Annie’s cut-out animation encourages viewer identification with her characters. Their ink-on-paper simplicity also connects us to childhood. While with “Runaway Bathtub” this connection is explicit and unbroken, even the “adult” characters of “Annie’s Circus” or “Split House,” by virtue of their medium of presentation, are as safe to identify with as a child. We haven’t all been owls, but the childlike innocence implicit in even her most dangerous characters, makes them as easy to identify with.

As the title suggests, “The Split House” includes various instances of characters splitting. When the woman transforms into an owl, for one. Here are two more: Continue reading ““The Split House” by Annie Poon”

The Appeal of Science Fiction for (Some) Mormons

The other day, I woke up and wound up writing — well, this. And so I decided that I might as well share…

Science fiction as a genre has a high and holy calling of engaging us in dialogue with science, the future, and technological change (corresponding to fantasy’s calling to engage us in a dialogue with history, mythology, and the unconscious, but that’s a topic for a different essay). Like most such callings, it is a potential caught mostly in glimpses, seldom if ever fully realized. Yet for all the protestations one hears of simple storytelling with no pretense of oracular or legislative responsibility (Shelley notwithstanding), it is a vocation pursued with remarkable persistence by most of the genre’s writers and never really forgotten by the bulk of its readers. (I speak now of literature. Movies are a different thing entirely.)

Continue reading “The Appeal of Science Fiction for (Some) Mormons”

We have a name for the Mormon alternate history mini-anthology (plus submissions update)

I have two updates in relation to the Mormon alternate history anthology I’m editing.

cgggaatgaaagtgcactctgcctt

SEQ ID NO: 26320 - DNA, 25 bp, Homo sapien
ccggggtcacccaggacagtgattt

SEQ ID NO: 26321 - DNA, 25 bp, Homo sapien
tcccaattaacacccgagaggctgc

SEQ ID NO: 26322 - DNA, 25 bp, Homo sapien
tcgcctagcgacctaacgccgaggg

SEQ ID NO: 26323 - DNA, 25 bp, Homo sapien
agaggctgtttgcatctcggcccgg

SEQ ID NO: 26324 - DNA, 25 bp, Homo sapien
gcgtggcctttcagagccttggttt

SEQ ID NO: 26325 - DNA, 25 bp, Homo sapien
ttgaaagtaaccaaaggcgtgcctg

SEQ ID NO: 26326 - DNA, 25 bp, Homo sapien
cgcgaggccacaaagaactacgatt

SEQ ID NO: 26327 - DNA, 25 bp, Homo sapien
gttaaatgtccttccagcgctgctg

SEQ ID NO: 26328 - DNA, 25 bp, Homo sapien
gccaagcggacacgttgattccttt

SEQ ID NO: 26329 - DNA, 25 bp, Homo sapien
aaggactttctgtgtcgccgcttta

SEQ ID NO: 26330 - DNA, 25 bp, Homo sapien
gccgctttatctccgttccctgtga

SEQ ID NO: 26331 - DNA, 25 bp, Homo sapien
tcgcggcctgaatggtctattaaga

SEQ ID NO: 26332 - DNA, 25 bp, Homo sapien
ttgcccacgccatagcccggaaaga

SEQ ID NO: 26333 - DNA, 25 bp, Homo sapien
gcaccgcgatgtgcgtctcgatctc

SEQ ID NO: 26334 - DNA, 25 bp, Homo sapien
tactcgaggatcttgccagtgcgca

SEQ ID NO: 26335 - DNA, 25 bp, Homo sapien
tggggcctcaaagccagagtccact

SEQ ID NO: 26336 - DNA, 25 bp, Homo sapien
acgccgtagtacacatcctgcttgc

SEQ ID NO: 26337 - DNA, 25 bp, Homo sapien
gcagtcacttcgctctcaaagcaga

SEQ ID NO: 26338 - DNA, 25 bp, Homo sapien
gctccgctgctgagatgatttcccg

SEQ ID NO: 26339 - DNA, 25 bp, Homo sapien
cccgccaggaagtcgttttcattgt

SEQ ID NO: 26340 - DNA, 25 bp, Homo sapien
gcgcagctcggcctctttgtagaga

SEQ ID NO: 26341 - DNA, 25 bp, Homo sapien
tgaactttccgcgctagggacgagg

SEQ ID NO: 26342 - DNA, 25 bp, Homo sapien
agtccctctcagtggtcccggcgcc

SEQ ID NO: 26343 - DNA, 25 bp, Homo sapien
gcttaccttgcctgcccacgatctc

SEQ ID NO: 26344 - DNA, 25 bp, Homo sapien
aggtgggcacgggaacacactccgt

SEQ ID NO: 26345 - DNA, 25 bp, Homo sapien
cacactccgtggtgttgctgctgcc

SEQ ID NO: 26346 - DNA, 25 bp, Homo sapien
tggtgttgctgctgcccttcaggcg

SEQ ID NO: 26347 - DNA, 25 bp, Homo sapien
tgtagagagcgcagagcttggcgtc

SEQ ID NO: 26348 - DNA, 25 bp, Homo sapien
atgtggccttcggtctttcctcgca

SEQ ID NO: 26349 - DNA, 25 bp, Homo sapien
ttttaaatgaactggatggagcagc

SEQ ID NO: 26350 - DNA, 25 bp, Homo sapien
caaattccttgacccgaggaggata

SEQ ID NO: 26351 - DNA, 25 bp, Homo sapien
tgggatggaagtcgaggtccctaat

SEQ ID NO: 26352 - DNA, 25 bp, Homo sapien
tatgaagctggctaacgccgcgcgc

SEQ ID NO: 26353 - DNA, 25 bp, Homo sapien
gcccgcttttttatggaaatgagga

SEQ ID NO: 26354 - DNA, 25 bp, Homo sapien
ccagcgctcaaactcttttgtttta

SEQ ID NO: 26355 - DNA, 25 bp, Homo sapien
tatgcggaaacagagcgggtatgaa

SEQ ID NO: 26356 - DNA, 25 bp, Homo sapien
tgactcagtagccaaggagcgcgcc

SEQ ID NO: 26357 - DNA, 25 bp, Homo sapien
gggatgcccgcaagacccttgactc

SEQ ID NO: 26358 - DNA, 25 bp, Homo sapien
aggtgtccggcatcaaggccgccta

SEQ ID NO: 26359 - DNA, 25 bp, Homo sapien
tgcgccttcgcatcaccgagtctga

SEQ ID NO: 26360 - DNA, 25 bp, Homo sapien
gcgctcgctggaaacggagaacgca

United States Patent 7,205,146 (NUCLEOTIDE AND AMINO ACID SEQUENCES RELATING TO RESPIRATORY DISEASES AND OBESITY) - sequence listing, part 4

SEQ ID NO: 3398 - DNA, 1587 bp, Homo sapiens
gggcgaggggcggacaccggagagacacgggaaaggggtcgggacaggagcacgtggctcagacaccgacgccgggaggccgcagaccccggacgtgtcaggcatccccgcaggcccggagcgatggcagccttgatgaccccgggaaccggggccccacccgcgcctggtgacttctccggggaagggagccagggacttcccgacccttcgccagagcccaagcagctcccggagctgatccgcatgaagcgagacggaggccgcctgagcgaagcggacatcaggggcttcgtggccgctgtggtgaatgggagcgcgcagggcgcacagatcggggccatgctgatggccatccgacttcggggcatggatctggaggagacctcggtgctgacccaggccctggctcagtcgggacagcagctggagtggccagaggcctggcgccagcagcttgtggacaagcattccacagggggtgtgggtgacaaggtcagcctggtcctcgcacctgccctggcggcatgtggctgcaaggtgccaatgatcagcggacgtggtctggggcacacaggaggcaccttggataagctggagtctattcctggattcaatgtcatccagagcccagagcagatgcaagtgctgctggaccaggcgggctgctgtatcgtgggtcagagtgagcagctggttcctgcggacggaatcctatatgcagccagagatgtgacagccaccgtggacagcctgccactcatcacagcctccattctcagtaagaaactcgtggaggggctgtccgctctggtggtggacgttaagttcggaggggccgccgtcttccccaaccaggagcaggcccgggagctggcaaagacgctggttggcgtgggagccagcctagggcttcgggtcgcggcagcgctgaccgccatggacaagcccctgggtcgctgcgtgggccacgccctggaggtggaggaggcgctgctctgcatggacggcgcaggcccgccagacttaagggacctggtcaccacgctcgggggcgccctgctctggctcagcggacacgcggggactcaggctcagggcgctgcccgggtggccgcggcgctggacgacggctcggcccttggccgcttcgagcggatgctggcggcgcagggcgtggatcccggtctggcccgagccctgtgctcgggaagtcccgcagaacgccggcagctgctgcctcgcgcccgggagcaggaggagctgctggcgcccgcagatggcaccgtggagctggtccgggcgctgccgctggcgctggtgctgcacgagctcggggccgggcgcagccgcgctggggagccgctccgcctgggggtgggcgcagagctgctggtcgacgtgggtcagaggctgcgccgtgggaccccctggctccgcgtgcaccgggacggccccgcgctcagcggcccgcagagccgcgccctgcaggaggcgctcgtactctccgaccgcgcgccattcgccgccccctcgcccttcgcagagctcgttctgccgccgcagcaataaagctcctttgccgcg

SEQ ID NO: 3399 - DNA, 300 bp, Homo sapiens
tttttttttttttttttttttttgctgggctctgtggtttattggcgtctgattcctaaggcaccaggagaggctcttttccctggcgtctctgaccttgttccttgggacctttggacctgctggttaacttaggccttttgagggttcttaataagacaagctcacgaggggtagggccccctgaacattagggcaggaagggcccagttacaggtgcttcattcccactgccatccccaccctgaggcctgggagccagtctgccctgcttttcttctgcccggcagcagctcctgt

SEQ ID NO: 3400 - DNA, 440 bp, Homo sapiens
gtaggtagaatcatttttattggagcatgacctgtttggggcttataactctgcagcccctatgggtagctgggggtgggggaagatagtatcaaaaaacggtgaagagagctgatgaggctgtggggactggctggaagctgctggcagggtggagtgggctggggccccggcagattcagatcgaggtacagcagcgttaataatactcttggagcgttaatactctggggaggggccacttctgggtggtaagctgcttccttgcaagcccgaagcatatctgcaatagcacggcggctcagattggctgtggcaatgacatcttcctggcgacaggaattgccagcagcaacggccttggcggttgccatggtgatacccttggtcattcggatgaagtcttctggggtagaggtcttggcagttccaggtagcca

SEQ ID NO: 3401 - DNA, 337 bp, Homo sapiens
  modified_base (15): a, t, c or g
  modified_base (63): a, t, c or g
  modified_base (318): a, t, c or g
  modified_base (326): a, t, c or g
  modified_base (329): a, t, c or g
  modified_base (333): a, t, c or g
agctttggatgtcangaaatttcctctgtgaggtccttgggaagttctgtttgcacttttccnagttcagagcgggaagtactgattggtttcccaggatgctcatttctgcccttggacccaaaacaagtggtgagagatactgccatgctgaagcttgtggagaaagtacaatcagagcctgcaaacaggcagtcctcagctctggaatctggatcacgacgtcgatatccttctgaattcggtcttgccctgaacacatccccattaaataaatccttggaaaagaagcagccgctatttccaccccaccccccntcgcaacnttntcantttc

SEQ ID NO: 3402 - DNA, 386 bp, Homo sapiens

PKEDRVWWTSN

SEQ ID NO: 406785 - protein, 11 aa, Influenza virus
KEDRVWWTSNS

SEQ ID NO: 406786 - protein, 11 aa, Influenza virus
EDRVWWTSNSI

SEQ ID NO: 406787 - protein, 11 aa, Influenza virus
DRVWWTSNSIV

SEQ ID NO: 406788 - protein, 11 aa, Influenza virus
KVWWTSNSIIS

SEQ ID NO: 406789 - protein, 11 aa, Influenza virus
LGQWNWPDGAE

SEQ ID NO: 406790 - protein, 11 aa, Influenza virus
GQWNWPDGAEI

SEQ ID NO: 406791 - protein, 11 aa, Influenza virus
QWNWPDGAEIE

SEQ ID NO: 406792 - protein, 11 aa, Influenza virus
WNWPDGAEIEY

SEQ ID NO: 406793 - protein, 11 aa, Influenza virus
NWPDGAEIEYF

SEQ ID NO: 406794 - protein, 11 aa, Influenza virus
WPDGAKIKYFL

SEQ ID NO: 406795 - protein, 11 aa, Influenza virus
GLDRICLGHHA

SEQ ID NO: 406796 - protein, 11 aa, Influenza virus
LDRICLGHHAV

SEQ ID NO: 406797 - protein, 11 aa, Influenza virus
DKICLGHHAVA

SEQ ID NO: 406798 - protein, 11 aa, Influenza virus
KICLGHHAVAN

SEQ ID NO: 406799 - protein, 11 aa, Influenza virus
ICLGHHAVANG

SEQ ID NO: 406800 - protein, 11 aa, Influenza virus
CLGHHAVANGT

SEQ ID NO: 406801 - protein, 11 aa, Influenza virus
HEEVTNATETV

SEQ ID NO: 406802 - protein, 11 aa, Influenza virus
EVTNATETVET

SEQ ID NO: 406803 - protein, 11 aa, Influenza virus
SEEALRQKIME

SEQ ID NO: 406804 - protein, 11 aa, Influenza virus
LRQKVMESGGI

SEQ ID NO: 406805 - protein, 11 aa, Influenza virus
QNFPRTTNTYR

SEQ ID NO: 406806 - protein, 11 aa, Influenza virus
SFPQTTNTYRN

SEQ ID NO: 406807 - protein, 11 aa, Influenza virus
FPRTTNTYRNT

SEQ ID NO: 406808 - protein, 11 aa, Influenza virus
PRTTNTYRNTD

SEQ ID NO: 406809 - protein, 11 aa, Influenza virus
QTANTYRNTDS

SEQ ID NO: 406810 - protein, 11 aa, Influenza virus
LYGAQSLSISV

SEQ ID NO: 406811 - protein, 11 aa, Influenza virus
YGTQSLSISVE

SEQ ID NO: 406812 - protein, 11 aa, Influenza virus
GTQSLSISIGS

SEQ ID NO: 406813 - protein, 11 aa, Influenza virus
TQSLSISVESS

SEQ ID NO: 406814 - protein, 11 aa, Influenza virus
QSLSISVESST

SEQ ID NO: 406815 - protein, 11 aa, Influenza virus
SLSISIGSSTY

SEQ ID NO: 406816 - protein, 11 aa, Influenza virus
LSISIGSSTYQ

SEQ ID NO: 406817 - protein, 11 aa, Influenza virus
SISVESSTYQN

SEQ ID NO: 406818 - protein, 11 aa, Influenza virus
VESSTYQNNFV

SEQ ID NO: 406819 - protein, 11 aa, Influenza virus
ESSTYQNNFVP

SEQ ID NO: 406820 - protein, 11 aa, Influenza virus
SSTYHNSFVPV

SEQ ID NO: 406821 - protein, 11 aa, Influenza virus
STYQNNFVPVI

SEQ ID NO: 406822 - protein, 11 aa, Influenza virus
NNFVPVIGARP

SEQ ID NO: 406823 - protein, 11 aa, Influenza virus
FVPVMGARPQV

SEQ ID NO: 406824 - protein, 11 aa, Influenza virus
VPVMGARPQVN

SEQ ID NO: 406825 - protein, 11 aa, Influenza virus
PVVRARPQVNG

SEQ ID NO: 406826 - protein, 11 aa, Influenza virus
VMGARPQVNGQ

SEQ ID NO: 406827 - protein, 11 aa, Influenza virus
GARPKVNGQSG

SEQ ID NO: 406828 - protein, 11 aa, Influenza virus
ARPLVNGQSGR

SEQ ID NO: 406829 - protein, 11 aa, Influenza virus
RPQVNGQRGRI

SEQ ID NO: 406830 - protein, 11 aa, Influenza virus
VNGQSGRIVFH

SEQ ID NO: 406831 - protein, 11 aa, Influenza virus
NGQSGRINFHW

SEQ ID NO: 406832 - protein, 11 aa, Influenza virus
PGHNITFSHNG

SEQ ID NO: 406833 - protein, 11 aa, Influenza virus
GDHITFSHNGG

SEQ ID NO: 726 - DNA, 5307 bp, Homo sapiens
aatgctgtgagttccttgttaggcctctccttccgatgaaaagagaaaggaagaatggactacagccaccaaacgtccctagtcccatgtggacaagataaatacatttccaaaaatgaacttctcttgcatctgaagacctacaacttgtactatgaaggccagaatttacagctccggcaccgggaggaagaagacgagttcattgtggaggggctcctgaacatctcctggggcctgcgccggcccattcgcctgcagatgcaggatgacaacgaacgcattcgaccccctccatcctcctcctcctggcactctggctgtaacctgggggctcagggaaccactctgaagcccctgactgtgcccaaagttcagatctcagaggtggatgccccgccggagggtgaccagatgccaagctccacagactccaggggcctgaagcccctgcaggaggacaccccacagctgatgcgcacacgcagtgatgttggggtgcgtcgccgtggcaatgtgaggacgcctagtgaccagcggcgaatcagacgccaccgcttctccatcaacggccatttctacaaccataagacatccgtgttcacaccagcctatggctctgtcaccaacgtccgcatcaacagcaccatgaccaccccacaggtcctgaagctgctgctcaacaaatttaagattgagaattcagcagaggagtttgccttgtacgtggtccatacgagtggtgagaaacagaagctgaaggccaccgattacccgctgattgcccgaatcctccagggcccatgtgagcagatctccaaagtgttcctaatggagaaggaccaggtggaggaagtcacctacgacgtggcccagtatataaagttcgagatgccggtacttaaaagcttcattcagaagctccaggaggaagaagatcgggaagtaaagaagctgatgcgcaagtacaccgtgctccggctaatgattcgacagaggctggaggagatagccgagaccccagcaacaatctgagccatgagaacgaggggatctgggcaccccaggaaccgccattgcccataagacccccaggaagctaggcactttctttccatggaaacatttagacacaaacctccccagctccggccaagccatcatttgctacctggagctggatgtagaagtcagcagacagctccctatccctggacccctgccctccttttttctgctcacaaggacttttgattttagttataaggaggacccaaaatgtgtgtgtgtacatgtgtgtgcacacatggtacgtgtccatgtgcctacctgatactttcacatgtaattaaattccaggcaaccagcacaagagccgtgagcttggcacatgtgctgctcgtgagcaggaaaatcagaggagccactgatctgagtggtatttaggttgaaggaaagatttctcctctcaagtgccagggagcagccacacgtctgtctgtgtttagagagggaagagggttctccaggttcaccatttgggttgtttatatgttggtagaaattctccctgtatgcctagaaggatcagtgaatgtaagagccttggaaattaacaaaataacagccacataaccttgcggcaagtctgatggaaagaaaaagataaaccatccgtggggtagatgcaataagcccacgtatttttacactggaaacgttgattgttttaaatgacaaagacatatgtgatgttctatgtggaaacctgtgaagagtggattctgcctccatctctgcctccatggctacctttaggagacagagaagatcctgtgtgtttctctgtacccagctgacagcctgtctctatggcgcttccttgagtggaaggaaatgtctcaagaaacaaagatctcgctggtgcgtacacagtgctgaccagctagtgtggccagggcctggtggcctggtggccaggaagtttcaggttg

A name!

With Monsters & Mormons the name came first and the commitment to doing the actual anthology later so it was clear what to call it. With this one, I’ve been bouncing various ideas off of Theric and none have really worked until now (that’s why in the call for submissions, there’s no title stated). But I think I finally have it: States of Deseret will be the name of the anthology (unless I change my name between now and publication [but I don’t think I will–I like this one]).

Submissions!

I am reading them. Thanks again to all those who submitted. I hope to have my initial read through completed by the end of the month and then responses to everyone in the latter part of May. Thanks for your patience. I know it’s not fun to wait.

Adam & Eve in 2016

.

AMV’s about page is very upfront about the inbred nature of the current Mormon-arts community, but this post seems to require a direct reminder of the fact.

The new online miniseries Adam & Eve is written and directed by Davey and Bianca Morrison Dillard. They were both early joiners of New Play Project, which began life as “mere” student works, yet gained acclaim, gathering words like renaissance and breakthrough and baby-this-is-the-future. It didn’t hurt that established playwrights like Eric Samuelsen and Melissa Leilani Larsen, and Mahonri Stewart were seduced by all this young blood and provided additional work for them to produce. No doubt, NPP, while it lasted, was a marvelous thing, and everyone involved deserves fond memories of their own and long memories of ourn.

My intimacy with NPP began with Davey approached me about publishing a collection of NPP work. I had a couple stipulations but was largely hands off, and the thing came out almost six years ago now, if you can believe it. Among the short plays included in the collections was Davey’s “Adam & Eve.” It was his first attempt at playwriting. One of his better NPP plays. And, apparently, has not unclutched him ever since as it appears now in serial film form as “Adam & Eve.”

[keep reading] Continue readingAdam & Eve in 2016″